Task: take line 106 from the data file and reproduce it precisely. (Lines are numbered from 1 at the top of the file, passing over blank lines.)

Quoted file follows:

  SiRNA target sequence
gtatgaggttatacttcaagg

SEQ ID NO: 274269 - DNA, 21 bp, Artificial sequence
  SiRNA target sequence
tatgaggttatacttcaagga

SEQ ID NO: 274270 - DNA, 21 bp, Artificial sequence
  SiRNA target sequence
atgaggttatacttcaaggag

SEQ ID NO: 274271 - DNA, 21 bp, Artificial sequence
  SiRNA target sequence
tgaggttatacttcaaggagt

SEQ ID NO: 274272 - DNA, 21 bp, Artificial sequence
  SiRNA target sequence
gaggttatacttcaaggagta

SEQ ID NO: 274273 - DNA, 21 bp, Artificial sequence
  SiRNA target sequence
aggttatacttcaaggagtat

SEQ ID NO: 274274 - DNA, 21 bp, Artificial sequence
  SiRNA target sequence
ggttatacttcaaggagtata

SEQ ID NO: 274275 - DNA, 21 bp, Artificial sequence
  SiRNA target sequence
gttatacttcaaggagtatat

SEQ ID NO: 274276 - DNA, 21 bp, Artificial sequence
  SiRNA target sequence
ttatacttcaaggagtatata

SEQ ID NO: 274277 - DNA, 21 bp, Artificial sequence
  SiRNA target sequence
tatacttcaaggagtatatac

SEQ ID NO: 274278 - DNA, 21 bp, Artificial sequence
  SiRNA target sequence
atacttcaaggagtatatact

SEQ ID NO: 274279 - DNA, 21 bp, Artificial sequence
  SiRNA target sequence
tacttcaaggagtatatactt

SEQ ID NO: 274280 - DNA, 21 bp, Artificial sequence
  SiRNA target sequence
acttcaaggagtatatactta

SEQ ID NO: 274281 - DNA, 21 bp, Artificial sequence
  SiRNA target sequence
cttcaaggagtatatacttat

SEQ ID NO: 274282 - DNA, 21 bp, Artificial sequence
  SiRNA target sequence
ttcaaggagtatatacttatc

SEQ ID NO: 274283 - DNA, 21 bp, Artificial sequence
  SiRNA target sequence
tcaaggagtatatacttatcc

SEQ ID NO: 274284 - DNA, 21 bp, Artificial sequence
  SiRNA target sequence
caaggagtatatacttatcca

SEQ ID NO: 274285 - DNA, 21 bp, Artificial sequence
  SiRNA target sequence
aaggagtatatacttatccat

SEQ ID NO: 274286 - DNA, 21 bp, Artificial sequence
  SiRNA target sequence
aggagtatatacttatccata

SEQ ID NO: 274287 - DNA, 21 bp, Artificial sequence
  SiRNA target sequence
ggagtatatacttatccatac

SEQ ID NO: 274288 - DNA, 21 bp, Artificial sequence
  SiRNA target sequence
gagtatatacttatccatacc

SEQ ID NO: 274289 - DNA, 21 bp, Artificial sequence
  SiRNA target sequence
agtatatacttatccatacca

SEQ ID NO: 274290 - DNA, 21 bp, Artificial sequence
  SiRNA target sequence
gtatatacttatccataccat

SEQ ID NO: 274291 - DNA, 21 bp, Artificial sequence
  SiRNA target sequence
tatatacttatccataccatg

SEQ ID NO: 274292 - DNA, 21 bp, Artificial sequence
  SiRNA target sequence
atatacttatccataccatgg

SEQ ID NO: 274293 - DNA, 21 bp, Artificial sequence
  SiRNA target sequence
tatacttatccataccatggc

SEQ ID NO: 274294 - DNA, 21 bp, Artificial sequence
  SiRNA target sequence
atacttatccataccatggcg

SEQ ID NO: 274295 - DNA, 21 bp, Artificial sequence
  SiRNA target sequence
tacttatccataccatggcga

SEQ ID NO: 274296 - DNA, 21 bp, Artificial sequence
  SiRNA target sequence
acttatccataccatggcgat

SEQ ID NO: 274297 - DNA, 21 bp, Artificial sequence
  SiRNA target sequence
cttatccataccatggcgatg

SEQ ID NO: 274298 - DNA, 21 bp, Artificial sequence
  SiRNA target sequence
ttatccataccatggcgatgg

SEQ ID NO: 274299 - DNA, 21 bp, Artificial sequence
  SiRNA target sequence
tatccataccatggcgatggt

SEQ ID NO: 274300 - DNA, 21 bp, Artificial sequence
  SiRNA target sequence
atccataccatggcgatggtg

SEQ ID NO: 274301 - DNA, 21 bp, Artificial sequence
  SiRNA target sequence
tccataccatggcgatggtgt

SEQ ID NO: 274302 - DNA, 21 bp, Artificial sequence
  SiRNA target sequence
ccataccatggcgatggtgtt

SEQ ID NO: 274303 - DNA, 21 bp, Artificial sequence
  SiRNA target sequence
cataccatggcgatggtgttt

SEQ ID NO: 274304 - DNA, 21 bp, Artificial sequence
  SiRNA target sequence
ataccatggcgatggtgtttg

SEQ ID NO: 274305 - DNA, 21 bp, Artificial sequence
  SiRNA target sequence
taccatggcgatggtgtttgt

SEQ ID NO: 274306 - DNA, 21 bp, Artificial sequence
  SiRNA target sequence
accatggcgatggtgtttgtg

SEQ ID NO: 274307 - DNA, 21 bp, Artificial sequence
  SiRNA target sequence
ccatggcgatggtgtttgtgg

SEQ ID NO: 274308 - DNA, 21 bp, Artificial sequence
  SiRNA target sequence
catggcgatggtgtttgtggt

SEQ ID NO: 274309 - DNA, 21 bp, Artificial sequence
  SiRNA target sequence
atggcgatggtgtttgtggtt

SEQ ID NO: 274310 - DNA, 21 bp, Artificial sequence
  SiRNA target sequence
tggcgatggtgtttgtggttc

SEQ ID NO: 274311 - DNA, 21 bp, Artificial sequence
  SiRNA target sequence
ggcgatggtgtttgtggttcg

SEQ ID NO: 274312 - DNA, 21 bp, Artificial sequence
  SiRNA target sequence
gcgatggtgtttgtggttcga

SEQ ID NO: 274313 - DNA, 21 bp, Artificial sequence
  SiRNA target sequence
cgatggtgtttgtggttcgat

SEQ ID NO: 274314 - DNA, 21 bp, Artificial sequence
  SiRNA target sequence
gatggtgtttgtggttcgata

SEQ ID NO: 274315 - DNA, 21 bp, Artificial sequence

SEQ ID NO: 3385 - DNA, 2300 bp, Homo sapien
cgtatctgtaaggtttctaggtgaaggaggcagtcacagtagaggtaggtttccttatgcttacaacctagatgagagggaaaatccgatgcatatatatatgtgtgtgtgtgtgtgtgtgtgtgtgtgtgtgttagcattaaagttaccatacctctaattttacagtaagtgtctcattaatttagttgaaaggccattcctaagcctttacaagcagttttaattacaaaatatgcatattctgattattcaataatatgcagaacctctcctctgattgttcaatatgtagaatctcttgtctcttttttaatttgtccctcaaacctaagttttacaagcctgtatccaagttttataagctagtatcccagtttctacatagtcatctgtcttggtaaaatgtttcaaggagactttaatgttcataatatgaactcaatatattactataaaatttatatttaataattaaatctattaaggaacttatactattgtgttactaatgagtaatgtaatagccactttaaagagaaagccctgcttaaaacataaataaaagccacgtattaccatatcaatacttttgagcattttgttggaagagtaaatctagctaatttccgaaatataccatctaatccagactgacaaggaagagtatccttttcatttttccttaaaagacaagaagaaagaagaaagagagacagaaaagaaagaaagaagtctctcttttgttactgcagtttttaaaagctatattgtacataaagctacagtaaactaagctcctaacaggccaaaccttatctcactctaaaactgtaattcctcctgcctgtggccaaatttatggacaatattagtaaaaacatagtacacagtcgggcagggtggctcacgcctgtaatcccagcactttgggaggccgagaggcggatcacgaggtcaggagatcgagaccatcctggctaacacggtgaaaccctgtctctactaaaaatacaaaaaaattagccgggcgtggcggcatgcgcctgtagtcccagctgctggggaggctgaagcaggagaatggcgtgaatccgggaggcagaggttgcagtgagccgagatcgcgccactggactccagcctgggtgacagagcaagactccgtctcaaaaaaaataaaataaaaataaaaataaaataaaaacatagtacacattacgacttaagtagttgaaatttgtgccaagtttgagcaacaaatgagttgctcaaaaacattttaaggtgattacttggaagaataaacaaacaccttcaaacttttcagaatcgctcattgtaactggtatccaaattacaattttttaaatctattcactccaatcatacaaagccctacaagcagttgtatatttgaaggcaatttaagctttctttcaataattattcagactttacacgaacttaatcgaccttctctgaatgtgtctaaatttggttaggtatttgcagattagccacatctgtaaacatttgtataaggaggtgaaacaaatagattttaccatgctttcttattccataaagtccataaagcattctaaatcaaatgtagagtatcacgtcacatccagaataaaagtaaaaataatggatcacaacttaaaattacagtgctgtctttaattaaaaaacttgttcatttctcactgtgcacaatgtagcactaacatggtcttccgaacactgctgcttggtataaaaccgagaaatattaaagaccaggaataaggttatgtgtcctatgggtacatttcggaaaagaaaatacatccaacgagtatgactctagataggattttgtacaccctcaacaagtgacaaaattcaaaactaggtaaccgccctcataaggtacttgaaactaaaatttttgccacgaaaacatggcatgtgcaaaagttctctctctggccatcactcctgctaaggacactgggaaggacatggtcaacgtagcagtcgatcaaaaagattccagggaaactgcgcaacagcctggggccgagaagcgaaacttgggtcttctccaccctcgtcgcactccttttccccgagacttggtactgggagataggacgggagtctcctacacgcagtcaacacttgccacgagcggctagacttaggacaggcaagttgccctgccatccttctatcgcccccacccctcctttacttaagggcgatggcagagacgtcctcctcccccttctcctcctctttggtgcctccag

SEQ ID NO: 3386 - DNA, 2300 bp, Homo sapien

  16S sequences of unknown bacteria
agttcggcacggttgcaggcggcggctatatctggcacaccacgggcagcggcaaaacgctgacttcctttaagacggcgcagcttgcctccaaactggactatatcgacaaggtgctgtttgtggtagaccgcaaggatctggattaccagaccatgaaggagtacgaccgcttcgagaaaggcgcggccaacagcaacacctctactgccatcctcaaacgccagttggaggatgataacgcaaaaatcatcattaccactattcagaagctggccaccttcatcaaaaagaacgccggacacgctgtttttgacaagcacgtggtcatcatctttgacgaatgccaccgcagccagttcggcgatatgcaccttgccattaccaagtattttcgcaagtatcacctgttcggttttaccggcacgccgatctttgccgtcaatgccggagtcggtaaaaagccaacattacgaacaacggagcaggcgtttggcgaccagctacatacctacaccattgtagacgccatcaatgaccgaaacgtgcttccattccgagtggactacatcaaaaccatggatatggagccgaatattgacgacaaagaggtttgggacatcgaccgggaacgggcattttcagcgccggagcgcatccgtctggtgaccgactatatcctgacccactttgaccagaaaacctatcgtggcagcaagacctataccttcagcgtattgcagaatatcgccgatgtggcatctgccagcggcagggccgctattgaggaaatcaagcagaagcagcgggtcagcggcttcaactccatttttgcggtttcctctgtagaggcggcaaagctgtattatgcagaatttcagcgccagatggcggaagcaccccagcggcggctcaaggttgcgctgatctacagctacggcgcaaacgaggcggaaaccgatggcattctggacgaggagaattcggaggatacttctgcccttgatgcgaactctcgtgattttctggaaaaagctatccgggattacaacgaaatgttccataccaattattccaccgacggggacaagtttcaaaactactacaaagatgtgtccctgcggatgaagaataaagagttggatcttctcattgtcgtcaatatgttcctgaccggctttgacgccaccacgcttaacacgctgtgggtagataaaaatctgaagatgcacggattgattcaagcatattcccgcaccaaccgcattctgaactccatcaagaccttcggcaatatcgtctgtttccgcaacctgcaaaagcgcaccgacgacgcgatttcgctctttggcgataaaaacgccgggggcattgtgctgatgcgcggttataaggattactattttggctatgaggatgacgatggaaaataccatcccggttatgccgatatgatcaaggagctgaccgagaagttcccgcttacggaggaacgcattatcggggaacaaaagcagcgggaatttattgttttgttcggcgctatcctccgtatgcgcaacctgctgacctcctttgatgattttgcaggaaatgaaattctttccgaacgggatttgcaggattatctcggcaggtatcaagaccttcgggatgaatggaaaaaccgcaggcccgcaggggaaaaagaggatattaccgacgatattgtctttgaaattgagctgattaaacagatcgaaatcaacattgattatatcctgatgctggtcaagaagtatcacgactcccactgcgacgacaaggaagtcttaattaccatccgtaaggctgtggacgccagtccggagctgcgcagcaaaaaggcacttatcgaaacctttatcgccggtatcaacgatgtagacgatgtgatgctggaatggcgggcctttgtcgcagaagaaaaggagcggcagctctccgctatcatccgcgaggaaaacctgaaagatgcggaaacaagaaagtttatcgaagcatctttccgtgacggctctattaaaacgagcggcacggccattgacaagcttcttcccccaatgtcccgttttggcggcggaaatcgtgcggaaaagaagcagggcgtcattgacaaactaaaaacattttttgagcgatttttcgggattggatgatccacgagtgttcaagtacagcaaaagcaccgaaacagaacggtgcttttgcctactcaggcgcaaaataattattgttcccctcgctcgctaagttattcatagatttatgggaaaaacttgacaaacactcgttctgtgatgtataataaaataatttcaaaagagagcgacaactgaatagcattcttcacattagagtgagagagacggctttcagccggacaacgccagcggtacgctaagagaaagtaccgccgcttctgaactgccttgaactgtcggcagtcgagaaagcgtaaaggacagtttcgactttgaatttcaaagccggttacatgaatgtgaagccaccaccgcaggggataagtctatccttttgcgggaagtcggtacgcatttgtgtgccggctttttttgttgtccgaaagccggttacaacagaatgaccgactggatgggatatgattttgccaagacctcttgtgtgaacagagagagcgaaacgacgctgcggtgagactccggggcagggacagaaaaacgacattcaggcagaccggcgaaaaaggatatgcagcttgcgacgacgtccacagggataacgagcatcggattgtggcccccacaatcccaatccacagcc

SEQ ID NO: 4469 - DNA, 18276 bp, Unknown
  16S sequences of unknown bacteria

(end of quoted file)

  SiRNA target sequence